According to The Academy of Nutrition and Dietetics, women should consume at least 25 grams of total fiber each day, while men should consume at least 38 grams. So, how do you make that a reality? Oats could be the answer. They are a whole grain and a good source of fiber. A warm bowl of oatmeal is a great option to boost your fiber intake.
With so many varieties of oatmeal available, navigating the cereal aisle can be a challenge. Here's (a look at the different options) what all those labels mean:
- Steel-cut oats – the oat kernels, more formally known as groats, are broken into pieces with a sharp steel blade. Since there is more surface area for water to penetrate, steel-cut oats will cook faster than if the kernel were cooked whole.
- Scottish oatmeal – the oat kernels are stone-ground, not steel-cut. This offers more variety in texture which some believe helps create more creamy porridge.
- Rolled oats – sometimes called old-fashioned, these oat kernels are first steamed, then rolled out into flakes. The increased surface area allows these oats to cook faster than the steel-cut variety.
- Instant oats – the kernels are steamed a little longer and rolled out a little more than the old-fashioned variety. This helps reduce the cooking time even further, hence the name “quick cooking.” Be careful of instant oatmeal packets, they are often loaded with sugar, food colorings and salt. If you like the convenience, choose the plain variety. Add in fresh fruit and experiment with spices such as cinnamon and nutmeg.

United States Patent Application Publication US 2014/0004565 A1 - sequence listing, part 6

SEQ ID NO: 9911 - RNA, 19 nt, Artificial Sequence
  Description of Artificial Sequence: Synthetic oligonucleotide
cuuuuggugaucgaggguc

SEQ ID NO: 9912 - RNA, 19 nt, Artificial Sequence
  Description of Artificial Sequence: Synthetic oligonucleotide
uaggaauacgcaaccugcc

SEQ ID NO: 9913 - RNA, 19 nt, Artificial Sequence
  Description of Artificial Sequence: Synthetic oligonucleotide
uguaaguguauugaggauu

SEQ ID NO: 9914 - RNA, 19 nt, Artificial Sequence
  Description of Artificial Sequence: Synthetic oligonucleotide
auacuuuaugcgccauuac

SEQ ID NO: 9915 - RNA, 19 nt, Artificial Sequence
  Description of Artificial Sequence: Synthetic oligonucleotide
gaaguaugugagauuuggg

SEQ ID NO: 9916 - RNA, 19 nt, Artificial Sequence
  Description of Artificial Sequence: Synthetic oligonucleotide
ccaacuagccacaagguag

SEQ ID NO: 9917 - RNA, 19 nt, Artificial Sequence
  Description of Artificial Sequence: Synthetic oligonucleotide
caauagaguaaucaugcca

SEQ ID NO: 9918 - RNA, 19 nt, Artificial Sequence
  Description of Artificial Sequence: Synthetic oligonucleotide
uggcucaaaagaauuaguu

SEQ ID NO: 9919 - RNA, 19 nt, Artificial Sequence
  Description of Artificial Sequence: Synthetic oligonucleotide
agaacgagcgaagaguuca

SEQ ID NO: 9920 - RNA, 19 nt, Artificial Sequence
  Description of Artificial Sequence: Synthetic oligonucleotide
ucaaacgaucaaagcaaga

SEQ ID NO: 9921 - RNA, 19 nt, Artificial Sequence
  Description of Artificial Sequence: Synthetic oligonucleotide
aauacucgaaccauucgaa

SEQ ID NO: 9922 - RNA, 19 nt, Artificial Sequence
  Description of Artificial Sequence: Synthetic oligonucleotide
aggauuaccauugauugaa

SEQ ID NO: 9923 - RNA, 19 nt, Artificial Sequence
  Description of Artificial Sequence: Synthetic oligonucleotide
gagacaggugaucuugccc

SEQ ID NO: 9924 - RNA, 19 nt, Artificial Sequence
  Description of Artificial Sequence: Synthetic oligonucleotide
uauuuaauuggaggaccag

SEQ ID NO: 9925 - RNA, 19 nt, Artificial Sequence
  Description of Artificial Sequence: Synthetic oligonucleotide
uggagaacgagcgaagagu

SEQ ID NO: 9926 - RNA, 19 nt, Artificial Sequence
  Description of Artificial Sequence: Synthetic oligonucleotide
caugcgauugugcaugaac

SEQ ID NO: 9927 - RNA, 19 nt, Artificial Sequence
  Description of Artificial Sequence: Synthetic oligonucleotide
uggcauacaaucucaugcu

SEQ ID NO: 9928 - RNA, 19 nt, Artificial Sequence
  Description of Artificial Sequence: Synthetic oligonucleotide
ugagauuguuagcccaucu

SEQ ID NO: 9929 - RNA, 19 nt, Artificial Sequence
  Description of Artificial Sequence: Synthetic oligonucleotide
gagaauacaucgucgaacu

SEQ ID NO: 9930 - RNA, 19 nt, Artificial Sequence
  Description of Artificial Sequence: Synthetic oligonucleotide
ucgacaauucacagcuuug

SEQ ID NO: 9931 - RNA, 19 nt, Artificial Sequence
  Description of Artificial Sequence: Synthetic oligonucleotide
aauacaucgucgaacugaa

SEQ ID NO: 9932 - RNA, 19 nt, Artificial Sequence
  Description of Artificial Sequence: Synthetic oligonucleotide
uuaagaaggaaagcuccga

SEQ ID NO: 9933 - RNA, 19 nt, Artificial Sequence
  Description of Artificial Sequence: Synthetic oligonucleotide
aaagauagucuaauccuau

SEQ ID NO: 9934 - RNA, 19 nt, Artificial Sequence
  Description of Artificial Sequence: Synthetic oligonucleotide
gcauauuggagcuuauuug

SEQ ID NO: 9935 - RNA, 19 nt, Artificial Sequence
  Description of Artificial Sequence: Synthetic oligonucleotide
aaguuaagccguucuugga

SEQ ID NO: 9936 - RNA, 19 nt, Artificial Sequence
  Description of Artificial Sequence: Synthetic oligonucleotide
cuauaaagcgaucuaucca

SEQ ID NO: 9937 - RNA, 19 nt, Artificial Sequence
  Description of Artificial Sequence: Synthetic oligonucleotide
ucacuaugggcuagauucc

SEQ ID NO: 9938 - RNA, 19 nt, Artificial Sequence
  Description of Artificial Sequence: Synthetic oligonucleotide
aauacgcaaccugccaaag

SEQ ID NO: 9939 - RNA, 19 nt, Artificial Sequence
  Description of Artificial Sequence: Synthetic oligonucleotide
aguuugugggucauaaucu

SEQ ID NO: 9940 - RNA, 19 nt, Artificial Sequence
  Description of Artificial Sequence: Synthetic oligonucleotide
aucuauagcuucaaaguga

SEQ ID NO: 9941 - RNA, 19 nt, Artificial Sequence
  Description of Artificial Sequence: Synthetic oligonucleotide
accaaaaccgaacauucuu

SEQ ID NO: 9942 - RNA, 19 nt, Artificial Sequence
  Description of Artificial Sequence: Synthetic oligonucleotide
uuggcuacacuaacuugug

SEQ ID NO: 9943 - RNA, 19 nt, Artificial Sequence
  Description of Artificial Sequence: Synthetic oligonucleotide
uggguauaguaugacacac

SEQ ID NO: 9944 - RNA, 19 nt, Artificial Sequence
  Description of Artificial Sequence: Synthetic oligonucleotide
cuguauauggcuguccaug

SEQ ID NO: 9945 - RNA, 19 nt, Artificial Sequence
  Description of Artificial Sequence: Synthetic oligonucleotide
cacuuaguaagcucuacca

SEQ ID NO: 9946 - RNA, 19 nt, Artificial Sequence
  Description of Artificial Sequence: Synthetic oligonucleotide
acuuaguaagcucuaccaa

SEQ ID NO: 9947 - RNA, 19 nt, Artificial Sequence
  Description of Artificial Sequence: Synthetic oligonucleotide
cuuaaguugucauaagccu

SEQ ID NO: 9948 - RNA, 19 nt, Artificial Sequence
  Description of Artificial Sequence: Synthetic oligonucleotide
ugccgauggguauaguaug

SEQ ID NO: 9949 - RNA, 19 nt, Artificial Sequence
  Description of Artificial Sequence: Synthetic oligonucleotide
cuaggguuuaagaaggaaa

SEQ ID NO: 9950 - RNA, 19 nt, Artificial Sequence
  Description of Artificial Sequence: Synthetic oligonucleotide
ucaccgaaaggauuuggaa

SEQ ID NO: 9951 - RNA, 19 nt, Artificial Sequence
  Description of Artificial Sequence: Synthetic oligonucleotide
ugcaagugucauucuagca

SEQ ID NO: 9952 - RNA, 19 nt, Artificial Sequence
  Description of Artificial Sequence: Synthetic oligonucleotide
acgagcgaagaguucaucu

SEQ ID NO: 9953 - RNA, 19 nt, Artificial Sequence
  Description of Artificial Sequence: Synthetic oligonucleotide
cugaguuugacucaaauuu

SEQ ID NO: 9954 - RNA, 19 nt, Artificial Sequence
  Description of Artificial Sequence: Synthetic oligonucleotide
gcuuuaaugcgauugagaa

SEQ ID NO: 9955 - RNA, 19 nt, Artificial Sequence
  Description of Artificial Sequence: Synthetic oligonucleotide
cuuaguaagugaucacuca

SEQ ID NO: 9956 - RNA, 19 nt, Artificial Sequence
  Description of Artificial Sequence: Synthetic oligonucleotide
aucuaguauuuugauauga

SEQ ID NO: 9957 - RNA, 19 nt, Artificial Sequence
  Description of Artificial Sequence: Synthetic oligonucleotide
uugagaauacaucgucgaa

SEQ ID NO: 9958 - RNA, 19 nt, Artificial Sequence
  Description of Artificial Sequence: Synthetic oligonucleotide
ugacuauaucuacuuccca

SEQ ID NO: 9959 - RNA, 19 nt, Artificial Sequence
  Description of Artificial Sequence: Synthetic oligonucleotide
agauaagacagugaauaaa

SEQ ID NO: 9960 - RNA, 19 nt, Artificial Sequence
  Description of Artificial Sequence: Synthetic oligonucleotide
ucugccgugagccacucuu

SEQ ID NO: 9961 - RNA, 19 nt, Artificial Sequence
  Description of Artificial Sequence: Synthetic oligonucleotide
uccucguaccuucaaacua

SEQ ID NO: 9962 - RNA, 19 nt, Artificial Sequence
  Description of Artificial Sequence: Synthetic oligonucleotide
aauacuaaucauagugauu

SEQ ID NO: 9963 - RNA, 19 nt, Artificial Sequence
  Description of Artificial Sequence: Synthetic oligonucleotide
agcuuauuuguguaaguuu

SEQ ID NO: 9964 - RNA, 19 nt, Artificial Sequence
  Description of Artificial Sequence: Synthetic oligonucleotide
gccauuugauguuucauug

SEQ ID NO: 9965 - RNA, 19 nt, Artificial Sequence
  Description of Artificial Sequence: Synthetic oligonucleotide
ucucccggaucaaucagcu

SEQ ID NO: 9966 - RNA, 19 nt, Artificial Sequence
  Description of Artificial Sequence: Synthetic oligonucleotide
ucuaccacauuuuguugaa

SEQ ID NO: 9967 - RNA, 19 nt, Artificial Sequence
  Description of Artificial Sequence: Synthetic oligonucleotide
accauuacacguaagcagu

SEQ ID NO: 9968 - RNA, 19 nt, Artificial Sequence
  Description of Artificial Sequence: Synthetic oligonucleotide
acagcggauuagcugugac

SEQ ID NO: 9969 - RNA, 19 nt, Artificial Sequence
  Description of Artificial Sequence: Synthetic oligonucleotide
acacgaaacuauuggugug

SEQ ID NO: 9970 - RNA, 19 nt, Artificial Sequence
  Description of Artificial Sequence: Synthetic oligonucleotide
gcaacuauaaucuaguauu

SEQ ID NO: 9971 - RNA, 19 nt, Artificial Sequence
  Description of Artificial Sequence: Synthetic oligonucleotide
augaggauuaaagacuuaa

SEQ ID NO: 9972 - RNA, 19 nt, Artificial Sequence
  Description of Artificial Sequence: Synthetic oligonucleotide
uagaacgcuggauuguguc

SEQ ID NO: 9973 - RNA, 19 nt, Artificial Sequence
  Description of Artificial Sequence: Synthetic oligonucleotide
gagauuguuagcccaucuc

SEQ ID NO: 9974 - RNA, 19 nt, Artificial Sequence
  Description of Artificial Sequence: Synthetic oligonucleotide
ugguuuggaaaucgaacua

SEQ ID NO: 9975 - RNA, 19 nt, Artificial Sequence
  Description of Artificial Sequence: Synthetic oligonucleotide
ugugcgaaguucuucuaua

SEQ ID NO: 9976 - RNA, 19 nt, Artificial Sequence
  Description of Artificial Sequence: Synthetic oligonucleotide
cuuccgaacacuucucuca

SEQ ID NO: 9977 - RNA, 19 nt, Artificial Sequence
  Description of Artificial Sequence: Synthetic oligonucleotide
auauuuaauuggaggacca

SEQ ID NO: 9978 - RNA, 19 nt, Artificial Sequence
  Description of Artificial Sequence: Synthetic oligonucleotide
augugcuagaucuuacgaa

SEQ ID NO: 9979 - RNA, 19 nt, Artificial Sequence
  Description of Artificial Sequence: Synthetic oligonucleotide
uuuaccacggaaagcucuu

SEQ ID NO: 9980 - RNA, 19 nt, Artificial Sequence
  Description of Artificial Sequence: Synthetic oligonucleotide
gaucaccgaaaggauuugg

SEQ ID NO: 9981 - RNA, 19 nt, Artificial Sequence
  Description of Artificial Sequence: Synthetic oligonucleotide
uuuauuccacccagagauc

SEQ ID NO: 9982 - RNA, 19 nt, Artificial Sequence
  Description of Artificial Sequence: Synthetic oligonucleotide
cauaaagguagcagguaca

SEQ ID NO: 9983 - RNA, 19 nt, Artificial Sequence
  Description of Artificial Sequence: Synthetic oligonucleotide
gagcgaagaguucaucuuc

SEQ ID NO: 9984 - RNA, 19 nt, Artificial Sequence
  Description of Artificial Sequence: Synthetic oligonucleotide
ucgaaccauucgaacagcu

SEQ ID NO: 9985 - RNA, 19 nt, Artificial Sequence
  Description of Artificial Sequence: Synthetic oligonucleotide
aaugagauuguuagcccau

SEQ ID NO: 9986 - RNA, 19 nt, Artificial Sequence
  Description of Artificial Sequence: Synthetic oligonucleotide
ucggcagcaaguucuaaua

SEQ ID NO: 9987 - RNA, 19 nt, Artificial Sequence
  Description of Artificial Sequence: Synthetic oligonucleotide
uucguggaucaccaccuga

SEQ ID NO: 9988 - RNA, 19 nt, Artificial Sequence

- Oat flour – ground up rolled oats. This flour can be used when a recipe calls for “whole grain flour.” It can also be used as a thickener in soups and stews.
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While the textures may vary, all varieties of oats are whole grains and offer the same nutritional profile. So eat up and enjoy the benefits.
Oatmeal is also a great food to prepare in the slow cooker. You can prep it the night before and wake up to a great tasting and nutritious meal. For more on how to set it and forget it, check out SAGE's Pinterest page, click here for our Overnight Oatmeal recipe.